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Old 09-20-2010, 12:34 AM   #1
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Drywall behind bathtub?


My question is do you put drywall or wonderboard all the way down to the floor behind the bathtub? Or is it going to make it so that the tub does not line up with the drain?
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Old 09-20-2010, 02:27 AM   #2
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Drywall behind bathtub?


No reason to run any kind of wall board down behind the tub flange, unless you need to in order to square things up. What kind of tub surround are you going to have? If its going to be tile, remember to compensate for the transition between the tile and the sheet rock.
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Old 09-20-2010, 04:52 PM   #3
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Drywall behind bathtub?


Drywall goes down to within 1/2" of the flange on the tub. Wonder board (cement board) on top of the drywall. That give you the extra thickness for your bullnose tile on the edge. Drywall should not sit directly on the tub as it can "wick" moisture and will eventually fall apart (even green board) if the tub is not kept caulked properly.
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Old 09-21-2010, 08:30 PM   #4
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Drywall behind bathtub?


We are wanting to do tile around the bath tub/shower area. So, we will be heeding the advice that was given here!
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Old 09-22-2010, 08:10 AM   #5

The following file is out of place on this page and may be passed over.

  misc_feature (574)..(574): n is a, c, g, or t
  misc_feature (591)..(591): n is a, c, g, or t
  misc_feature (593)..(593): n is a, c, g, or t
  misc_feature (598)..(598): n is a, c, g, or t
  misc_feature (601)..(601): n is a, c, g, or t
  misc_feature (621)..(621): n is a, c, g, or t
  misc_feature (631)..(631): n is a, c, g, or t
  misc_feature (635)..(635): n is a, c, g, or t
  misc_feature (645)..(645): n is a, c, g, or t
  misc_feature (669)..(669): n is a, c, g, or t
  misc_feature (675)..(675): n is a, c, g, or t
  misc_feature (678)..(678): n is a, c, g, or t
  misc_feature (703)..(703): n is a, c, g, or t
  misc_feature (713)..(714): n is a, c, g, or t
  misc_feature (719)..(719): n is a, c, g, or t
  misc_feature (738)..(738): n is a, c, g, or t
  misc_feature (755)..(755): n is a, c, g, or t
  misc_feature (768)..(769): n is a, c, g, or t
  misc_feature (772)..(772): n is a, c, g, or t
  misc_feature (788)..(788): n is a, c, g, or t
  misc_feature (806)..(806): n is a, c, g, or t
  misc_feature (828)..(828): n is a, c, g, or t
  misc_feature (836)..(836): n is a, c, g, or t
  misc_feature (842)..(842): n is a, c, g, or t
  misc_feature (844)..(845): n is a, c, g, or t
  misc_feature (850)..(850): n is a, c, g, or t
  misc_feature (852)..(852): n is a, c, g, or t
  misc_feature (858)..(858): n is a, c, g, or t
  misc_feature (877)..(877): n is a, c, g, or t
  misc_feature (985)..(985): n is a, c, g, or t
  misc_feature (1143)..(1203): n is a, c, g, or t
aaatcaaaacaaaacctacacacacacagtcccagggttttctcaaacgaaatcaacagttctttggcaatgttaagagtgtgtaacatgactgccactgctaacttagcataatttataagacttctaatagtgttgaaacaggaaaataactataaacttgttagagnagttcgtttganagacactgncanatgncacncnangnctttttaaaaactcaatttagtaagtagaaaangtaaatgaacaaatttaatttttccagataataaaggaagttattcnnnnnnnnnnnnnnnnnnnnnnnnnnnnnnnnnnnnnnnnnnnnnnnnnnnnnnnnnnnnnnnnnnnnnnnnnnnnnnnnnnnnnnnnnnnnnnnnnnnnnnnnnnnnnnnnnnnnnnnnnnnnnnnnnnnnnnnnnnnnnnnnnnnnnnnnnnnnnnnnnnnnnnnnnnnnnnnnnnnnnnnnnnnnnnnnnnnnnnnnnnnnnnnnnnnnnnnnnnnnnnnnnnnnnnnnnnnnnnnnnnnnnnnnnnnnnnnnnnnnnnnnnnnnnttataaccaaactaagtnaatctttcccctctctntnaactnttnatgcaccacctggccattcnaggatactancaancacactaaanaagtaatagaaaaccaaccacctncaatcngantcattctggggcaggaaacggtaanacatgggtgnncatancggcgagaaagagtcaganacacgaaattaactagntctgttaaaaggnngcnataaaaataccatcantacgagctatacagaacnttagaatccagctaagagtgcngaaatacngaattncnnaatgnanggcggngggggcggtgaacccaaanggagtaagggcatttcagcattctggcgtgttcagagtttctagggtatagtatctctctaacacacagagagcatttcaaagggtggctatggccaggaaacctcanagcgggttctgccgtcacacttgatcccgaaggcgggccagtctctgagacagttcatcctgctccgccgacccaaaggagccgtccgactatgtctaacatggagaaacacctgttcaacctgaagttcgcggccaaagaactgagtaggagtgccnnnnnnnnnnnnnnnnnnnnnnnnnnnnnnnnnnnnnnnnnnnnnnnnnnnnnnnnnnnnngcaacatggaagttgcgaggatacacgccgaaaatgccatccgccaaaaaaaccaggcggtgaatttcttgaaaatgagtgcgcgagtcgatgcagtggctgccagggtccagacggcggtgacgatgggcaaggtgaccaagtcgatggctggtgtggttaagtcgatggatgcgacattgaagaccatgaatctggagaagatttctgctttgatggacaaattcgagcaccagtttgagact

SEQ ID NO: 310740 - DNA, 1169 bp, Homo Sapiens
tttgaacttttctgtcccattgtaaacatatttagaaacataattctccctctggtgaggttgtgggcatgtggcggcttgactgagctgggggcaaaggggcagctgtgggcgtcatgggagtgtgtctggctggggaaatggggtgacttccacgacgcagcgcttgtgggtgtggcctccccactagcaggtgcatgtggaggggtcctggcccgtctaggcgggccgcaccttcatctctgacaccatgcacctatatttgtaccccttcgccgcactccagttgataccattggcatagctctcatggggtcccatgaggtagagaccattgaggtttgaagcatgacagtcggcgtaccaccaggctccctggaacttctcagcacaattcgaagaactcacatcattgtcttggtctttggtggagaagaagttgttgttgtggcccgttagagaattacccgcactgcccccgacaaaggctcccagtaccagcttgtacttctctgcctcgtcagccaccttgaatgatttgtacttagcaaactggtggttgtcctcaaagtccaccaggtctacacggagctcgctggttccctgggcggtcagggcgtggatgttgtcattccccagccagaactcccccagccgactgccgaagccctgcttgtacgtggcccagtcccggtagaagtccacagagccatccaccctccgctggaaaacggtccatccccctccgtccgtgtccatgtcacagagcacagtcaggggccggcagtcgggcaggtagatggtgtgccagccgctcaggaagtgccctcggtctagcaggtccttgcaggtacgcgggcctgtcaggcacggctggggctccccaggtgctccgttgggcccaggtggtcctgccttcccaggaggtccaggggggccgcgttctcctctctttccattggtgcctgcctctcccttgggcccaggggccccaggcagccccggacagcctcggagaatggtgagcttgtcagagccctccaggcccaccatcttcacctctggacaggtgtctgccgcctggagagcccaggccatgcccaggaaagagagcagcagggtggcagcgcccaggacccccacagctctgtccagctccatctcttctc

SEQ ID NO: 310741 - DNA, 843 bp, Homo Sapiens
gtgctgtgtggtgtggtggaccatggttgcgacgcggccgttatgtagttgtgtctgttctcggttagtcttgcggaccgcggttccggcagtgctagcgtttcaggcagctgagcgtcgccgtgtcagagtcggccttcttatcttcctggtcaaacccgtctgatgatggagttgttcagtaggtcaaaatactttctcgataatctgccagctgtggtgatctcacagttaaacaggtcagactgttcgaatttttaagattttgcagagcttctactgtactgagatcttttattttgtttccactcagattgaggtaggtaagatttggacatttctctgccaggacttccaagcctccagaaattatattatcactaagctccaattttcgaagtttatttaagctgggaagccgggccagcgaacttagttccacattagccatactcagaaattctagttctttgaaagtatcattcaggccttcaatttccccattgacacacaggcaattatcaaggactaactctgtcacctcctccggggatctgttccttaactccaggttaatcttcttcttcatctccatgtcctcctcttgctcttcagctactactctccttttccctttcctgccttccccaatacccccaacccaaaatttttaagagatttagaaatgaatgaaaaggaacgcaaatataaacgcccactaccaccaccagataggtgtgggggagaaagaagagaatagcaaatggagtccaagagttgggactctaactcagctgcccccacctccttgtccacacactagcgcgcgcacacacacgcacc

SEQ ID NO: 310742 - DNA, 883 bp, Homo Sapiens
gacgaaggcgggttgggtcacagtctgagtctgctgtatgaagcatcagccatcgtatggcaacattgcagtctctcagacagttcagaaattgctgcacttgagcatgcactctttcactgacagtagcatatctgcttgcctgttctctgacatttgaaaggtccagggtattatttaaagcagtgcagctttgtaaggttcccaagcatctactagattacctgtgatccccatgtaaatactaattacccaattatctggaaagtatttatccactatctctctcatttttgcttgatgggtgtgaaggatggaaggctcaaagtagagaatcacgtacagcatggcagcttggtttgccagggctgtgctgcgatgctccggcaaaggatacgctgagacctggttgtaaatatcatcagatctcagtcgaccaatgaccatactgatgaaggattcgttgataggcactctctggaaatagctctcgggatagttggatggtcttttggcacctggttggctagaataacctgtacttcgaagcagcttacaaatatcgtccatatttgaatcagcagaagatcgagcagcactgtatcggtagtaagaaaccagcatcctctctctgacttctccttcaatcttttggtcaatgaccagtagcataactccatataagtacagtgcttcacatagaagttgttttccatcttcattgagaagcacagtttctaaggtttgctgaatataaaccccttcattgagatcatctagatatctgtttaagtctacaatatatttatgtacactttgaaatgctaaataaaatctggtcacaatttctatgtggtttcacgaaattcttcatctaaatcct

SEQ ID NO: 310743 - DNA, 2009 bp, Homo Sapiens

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Drywall behind bathtub?


Quote:
Originally Posted by bjbatlanta View Post
Drywall goes down to within 1/2" of the flange on the tub. Wonder board (cement board) on top of the drywall. That give you the extra thickness for your bullnose tile on the edge. Drywall should not sit directly on the tub as it can "wick" moisture and will eventually fall apart (even green board) if the tub is not kept caulked properly.
There is no need for drywall behind the cement board and I have never heard of it being done that way. Instead, install shims made of thin strips of wood (you can cut your own on a table saw from 2x4s if needed) on top of the existing studs. This will allow the cement board to overlap the tub lip without being curved. For the space below the tub lip I would leave the space uncoverred except for my vapor barrier (plastic sheeting) which lies between the studs and the cement board above the lip. Some pros apply a coating (forgot the name, Home Depot sells it)) on the surface of the cement board (under the tiled surface) which is a vapor barrier in itself and then skip the plastic vapor barrier behind the cement board. Either way works but you can't do both because a double vapor barrier is not recommended.
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